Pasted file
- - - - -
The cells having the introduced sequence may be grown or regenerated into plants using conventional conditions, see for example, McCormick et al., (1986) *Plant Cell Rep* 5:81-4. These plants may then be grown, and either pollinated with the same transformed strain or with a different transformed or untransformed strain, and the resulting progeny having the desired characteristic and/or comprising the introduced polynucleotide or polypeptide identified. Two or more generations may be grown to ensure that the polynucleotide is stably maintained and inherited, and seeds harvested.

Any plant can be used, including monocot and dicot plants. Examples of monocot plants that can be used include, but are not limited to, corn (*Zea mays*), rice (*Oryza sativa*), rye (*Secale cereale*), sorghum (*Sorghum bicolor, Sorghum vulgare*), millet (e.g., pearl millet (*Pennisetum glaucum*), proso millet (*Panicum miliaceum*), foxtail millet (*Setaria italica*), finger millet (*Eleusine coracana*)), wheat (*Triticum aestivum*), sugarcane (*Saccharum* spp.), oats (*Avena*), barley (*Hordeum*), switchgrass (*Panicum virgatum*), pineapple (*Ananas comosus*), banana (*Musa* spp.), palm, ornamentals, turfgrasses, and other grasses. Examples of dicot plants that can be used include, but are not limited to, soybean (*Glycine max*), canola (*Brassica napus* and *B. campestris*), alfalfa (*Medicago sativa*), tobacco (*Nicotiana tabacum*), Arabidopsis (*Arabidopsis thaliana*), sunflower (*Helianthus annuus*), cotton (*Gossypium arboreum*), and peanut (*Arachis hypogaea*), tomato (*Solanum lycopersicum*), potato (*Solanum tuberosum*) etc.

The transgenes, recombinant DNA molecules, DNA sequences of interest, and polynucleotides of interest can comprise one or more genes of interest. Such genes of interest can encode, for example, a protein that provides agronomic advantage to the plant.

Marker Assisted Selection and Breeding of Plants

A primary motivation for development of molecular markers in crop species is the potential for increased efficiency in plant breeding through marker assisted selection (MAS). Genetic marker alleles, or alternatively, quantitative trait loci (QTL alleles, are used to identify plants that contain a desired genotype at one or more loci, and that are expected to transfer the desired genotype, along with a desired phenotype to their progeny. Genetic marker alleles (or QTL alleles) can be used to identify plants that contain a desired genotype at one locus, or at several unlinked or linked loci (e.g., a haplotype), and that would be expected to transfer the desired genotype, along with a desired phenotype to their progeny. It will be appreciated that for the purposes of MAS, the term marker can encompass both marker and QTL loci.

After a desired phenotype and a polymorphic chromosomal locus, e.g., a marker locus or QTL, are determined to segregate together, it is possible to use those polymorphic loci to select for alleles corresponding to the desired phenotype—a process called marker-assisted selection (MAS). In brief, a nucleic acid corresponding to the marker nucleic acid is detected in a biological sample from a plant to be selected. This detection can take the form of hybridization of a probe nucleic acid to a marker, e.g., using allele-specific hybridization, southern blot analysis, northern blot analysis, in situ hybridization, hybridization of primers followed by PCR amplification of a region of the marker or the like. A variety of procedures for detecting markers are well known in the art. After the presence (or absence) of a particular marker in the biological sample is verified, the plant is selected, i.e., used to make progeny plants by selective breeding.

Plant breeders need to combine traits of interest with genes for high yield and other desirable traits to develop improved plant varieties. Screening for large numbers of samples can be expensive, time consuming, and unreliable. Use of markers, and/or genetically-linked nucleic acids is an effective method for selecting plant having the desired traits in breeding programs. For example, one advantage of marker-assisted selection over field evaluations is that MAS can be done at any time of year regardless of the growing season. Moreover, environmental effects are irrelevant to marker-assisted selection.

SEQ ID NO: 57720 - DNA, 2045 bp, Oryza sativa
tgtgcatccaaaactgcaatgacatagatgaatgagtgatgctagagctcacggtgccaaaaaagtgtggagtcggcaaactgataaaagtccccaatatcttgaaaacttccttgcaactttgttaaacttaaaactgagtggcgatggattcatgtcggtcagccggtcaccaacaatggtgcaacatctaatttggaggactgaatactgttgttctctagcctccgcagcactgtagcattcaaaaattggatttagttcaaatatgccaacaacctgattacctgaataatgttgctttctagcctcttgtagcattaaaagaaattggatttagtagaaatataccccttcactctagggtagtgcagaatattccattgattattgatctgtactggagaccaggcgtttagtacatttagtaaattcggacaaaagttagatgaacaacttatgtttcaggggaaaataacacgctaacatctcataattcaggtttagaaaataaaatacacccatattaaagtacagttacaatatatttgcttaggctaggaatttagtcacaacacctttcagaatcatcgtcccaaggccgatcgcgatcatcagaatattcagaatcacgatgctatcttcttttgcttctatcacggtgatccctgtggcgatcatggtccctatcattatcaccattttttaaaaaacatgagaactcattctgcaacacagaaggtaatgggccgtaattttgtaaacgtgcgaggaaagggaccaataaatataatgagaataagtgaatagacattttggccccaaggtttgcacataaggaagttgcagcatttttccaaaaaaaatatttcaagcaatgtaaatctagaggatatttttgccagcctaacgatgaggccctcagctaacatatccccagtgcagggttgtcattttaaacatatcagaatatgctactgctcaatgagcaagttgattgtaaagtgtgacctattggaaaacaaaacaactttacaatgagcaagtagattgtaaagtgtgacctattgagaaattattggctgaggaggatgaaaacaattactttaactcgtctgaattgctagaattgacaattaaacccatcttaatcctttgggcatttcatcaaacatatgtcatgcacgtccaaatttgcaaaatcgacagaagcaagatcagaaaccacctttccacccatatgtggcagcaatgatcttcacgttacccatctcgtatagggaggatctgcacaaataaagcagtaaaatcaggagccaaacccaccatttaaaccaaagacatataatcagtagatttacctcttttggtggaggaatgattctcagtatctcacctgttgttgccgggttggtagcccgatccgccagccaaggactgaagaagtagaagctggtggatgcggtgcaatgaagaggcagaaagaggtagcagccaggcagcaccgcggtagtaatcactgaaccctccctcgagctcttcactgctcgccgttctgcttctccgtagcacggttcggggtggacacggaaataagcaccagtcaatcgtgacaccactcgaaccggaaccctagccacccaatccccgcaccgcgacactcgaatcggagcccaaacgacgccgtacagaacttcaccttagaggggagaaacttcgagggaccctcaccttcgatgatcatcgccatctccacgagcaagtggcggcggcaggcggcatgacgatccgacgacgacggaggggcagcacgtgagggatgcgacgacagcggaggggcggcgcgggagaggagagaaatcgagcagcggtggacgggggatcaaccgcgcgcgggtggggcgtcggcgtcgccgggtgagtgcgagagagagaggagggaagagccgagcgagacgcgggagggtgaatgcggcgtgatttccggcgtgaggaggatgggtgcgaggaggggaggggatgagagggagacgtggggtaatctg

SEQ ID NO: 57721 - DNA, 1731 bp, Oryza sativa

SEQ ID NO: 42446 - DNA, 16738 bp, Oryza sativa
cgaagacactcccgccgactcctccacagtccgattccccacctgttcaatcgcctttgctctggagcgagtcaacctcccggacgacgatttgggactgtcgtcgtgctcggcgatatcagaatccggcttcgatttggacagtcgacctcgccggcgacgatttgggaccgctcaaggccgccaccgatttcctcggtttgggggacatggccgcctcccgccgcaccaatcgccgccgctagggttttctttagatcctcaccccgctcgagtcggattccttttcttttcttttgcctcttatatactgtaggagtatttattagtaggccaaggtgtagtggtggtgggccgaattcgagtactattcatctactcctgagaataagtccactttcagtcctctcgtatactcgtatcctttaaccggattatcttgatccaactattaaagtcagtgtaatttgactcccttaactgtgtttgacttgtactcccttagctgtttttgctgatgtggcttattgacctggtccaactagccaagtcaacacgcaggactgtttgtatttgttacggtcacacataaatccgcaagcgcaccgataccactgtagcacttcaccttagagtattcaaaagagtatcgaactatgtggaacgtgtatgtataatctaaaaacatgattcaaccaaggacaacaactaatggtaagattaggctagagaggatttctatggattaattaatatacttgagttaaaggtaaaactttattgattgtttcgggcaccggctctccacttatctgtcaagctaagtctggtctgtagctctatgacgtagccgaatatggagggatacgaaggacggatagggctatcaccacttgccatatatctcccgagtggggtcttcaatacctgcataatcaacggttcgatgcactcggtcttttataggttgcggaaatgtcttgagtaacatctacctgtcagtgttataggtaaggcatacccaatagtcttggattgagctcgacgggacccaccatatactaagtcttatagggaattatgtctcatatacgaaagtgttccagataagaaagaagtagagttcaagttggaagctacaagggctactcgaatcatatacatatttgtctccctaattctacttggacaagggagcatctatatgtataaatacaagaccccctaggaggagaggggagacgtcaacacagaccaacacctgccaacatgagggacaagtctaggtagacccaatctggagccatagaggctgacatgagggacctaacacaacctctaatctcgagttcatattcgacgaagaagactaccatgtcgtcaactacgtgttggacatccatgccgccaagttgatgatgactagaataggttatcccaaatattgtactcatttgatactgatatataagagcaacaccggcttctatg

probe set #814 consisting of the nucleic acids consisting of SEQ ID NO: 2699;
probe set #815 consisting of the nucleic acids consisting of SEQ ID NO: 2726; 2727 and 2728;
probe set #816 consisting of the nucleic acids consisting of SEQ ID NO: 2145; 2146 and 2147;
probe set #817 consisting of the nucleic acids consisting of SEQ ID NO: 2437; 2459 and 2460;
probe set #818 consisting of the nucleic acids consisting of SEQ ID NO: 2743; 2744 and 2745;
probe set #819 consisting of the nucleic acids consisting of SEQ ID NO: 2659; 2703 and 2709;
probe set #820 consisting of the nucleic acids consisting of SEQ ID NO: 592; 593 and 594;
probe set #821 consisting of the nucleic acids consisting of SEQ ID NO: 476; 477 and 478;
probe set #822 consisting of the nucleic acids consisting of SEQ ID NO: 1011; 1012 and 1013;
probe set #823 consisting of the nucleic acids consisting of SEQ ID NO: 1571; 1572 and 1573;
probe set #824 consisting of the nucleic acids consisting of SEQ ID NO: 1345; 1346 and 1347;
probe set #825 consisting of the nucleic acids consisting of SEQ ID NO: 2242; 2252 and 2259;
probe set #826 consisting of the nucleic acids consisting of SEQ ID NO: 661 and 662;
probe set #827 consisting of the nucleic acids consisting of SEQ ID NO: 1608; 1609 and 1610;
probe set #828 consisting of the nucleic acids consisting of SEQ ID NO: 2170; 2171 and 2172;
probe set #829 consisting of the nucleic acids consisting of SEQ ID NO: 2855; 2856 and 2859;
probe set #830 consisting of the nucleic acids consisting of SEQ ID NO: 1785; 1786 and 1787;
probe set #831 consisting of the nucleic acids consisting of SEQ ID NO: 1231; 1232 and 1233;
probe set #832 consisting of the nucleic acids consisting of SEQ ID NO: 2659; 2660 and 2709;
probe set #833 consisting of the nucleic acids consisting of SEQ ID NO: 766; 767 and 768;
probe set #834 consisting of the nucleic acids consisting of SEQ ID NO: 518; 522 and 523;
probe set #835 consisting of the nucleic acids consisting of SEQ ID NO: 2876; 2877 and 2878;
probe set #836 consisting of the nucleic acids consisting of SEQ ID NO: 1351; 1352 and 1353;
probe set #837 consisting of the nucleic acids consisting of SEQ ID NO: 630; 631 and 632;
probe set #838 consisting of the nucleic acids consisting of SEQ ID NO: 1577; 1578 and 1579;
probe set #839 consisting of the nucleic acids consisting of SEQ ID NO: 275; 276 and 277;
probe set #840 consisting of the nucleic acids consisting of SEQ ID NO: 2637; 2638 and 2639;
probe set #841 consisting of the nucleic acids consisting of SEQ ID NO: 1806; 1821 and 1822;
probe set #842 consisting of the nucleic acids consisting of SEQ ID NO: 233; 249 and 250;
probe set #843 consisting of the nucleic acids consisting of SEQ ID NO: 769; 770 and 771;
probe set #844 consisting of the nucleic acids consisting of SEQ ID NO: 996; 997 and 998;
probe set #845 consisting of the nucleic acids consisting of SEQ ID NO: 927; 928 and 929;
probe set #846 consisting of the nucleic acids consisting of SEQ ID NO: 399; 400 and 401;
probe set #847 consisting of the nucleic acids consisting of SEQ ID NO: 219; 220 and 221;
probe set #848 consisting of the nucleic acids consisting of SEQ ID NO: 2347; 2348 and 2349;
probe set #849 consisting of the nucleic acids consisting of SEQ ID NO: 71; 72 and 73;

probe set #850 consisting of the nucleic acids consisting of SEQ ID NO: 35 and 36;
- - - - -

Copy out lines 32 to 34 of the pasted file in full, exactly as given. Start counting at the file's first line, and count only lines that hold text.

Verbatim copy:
probe set #833 consisting of the nucleic acids consisting of SEQ ID NO: 766; 767 and 768;
probe set #834 consisting of the nucleic acids consisting of SEQ ID NO: 518; 522 and 523;
probe set #835 consisting of the nucleic acids consisting of SEQ ID NO: 2876; 2877 and 2878;